You’ve probably heard this factoid: Smell is the sense that is closest to memory. And it’s true, long-term memory, emotions, and scent are processed in the same part of the brain. 

“You actually experience the sense of smell: It triggers our emotions and the memories before you’re able to actually process the actual experience,” says Yang. “So here is no immediate processing—the processing actually happens after the fact, right? When then your brain lights up, how you are experiencing it or how you then translate what you’re experiencing and being able to put that into words, it’s actually tied to your cultural experiences.”

And these memories and cultural associations should play a role in how you find your fragrances. Think about it: You are going to, ideally, wear this scent regularly—you want to make sure that it evokes pleasant moods and thoughts.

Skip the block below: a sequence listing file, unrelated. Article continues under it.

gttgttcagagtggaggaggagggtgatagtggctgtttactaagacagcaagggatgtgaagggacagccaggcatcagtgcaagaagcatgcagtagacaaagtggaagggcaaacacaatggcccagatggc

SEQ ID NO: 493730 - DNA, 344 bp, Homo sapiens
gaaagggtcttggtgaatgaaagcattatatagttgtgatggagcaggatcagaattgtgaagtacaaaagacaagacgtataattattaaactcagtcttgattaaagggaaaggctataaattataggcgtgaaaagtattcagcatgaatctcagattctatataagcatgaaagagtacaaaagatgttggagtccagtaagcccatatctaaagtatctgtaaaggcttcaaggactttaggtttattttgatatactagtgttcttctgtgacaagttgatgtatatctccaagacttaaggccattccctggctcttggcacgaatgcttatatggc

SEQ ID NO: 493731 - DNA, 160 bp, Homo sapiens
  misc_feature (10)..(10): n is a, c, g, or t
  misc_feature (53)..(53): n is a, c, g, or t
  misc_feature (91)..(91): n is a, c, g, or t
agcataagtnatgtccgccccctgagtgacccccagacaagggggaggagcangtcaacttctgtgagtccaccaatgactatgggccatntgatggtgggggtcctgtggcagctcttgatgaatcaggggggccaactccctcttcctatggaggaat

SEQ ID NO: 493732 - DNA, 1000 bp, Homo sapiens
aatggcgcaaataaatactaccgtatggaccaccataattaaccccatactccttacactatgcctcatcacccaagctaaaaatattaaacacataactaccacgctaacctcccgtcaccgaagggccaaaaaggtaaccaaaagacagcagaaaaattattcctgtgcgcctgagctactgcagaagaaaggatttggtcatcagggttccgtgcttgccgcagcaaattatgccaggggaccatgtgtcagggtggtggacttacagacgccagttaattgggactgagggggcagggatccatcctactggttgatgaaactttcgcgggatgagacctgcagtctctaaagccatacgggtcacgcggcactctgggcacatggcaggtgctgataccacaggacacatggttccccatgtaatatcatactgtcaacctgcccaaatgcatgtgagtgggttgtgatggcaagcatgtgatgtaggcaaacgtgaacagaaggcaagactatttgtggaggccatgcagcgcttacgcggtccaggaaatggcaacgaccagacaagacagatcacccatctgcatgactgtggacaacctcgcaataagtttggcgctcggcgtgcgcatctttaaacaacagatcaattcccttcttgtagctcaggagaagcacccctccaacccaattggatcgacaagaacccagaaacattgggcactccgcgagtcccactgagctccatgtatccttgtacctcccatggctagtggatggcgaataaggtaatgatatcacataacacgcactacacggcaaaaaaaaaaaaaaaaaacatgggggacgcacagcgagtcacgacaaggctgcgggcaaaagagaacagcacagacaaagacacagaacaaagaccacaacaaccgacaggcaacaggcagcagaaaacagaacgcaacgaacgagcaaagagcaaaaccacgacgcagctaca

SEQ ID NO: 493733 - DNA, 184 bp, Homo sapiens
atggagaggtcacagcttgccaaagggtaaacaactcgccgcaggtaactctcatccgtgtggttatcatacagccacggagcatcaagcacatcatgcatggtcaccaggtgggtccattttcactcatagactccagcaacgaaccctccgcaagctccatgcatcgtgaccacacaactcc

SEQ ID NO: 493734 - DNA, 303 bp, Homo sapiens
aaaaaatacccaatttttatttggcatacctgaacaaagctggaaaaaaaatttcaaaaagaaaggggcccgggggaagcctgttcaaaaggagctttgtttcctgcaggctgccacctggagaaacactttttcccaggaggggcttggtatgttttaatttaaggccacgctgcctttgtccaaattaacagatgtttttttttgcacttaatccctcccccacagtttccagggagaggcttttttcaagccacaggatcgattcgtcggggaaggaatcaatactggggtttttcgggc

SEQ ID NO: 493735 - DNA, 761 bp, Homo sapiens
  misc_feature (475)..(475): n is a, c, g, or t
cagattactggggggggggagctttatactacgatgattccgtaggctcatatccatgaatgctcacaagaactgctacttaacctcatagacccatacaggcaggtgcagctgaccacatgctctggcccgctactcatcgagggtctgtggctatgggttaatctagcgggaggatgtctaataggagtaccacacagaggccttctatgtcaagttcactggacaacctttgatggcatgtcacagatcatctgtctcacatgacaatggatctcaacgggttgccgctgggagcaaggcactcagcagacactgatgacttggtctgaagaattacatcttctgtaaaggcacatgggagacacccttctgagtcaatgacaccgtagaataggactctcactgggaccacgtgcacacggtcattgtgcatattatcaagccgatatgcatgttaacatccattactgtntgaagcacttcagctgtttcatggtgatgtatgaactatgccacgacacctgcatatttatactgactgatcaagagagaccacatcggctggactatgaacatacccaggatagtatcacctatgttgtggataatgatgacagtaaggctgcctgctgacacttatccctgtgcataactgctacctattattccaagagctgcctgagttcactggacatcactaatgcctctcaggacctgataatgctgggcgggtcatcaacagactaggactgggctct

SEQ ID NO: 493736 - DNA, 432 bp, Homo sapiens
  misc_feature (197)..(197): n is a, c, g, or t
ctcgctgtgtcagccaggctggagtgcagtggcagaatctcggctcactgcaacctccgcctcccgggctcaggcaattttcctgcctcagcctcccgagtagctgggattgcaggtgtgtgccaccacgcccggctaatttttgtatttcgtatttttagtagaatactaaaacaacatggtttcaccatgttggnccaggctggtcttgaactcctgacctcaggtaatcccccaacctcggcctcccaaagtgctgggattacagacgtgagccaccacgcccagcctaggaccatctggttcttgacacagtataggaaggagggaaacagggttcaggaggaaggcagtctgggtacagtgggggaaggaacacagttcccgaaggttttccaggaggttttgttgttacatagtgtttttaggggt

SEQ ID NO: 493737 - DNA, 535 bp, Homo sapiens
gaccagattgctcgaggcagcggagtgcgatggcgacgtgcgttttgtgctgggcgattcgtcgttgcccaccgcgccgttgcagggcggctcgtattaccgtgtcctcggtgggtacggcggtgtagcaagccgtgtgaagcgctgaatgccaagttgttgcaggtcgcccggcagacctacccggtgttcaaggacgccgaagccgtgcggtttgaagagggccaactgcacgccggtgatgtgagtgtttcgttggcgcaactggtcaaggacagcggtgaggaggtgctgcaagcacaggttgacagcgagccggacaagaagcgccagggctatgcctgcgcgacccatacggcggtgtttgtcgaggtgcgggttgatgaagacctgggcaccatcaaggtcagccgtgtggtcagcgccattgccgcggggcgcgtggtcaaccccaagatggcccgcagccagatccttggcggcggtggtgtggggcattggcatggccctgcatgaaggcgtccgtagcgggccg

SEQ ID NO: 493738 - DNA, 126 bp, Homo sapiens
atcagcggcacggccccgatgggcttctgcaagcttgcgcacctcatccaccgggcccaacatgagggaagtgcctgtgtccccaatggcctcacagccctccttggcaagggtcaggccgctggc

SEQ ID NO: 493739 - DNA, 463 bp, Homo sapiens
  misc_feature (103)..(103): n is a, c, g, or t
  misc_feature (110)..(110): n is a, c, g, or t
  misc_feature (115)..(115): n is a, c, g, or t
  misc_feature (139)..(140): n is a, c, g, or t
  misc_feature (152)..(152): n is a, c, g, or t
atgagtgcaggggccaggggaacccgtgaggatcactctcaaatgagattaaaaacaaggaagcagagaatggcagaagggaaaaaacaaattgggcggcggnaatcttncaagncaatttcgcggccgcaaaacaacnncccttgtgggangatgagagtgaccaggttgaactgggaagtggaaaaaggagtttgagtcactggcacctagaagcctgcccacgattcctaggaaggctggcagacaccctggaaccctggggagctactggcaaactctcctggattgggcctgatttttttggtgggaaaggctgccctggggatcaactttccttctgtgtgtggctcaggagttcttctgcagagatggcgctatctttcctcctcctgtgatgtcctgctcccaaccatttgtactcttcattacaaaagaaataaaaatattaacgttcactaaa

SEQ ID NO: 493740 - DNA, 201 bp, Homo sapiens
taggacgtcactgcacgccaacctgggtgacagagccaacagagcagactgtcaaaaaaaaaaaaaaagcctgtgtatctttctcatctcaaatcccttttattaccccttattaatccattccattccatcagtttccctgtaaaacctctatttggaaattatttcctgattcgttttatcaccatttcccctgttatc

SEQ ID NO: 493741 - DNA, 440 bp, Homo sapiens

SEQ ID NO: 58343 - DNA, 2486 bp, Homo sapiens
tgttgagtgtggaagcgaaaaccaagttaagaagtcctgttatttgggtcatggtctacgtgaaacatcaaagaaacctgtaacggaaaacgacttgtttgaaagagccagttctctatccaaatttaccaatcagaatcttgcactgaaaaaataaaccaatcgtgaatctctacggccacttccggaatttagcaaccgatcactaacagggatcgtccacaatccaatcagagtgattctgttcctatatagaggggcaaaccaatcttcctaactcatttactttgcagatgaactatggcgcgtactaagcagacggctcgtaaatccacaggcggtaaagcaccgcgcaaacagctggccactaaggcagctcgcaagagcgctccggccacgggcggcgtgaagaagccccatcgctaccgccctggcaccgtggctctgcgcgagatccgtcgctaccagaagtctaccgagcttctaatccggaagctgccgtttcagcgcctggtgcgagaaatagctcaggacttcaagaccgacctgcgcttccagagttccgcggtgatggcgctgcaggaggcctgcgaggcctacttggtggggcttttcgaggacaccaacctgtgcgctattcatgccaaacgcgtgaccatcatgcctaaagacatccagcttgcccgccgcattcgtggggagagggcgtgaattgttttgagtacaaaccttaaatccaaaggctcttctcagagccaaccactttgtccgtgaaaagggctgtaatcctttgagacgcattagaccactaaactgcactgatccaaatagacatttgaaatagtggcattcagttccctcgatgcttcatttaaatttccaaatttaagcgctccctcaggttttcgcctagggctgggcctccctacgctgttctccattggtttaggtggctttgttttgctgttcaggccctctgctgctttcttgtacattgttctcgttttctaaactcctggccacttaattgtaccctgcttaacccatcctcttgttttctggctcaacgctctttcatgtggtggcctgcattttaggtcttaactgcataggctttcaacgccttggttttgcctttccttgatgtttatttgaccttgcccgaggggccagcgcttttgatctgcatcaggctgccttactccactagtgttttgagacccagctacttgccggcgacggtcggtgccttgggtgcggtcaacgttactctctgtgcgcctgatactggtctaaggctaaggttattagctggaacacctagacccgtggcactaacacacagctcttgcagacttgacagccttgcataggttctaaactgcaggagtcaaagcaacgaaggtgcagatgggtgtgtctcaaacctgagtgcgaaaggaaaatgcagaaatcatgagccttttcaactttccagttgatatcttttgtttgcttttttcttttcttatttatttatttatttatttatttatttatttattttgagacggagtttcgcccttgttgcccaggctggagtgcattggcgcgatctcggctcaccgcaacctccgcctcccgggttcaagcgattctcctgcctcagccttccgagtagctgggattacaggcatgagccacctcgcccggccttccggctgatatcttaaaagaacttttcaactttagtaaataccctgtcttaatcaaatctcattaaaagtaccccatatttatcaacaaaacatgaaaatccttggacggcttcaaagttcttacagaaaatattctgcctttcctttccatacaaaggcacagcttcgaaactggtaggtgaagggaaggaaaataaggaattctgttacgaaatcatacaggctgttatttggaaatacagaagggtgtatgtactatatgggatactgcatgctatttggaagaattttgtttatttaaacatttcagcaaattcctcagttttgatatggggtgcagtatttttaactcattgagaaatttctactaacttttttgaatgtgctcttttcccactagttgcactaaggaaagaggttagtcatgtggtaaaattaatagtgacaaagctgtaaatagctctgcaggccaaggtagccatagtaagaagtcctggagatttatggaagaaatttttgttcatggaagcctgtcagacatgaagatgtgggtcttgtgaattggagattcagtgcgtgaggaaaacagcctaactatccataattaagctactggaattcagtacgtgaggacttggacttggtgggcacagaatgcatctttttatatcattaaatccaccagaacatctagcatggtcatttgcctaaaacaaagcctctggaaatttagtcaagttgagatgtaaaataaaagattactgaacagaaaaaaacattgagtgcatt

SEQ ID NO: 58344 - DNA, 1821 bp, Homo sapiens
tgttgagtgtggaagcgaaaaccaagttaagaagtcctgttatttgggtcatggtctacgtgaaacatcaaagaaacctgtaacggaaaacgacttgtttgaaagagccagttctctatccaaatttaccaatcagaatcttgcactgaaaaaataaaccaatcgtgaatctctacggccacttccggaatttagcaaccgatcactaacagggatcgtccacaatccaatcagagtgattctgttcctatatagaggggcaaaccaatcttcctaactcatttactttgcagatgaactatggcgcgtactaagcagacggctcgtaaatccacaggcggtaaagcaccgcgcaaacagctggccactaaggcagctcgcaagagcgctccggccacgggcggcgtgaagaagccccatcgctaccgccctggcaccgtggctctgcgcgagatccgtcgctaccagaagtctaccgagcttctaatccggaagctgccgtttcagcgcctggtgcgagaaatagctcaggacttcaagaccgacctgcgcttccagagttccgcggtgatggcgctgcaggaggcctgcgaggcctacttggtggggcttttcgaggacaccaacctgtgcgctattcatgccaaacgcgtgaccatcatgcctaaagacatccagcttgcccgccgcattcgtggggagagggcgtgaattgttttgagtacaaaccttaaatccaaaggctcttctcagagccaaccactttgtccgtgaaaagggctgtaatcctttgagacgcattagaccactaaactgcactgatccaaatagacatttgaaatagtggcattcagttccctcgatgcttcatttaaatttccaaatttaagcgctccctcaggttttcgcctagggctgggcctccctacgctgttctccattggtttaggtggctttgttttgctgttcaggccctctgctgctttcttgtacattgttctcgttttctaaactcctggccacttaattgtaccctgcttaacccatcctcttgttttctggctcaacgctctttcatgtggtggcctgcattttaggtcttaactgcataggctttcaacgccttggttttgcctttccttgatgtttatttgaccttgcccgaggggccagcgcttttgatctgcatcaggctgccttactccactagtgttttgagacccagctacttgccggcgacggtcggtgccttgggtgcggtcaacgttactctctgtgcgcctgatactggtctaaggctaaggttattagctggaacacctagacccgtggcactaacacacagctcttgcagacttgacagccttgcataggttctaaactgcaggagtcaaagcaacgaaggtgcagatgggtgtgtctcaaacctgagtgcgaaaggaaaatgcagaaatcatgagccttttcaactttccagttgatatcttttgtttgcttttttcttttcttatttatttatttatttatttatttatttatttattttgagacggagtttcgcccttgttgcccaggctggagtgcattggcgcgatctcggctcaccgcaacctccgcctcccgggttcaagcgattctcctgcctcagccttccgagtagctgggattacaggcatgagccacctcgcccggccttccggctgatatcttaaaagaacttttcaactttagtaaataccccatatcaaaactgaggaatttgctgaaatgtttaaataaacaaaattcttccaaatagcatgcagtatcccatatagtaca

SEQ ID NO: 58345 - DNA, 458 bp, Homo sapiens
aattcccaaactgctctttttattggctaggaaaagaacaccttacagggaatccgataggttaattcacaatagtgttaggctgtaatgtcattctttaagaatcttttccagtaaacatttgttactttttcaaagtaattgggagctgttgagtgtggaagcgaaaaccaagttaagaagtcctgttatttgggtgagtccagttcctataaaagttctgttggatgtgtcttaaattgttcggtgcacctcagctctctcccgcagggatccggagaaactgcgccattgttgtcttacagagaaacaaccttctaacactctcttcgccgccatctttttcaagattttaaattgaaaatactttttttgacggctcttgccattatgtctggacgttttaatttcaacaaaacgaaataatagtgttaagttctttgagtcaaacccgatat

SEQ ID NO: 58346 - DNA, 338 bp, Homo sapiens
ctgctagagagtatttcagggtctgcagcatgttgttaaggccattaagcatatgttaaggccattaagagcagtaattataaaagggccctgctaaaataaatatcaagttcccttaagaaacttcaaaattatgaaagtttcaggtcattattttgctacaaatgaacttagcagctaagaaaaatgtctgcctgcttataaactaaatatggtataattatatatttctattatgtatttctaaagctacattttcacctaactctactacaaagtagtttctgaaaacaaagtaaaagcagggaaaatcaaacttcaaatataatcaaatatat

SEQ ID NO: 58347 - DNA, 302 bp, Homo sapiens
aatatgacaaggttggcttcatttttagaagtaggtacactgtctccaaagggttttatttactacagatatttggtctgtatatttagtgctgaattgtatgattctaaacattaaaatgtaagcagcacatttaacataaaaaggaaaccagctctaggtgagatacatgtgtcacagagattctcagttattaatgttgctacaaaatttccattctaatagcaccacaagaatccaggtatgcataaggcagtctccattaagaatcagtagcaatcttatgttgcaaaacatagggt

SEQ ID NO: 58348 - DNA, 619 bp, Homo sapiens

“Before it’s actually absorbed and translated to a specific mood or memory in your brain, you are already on the train that you can’t get off,” says Yang. “You can be in the middle of a conversation, but you can’t seem to get off this train, you cannot continue the conversation because your entire brain process gets suddenly interrupted because of memory or some kind of emotion has been triggered.” 

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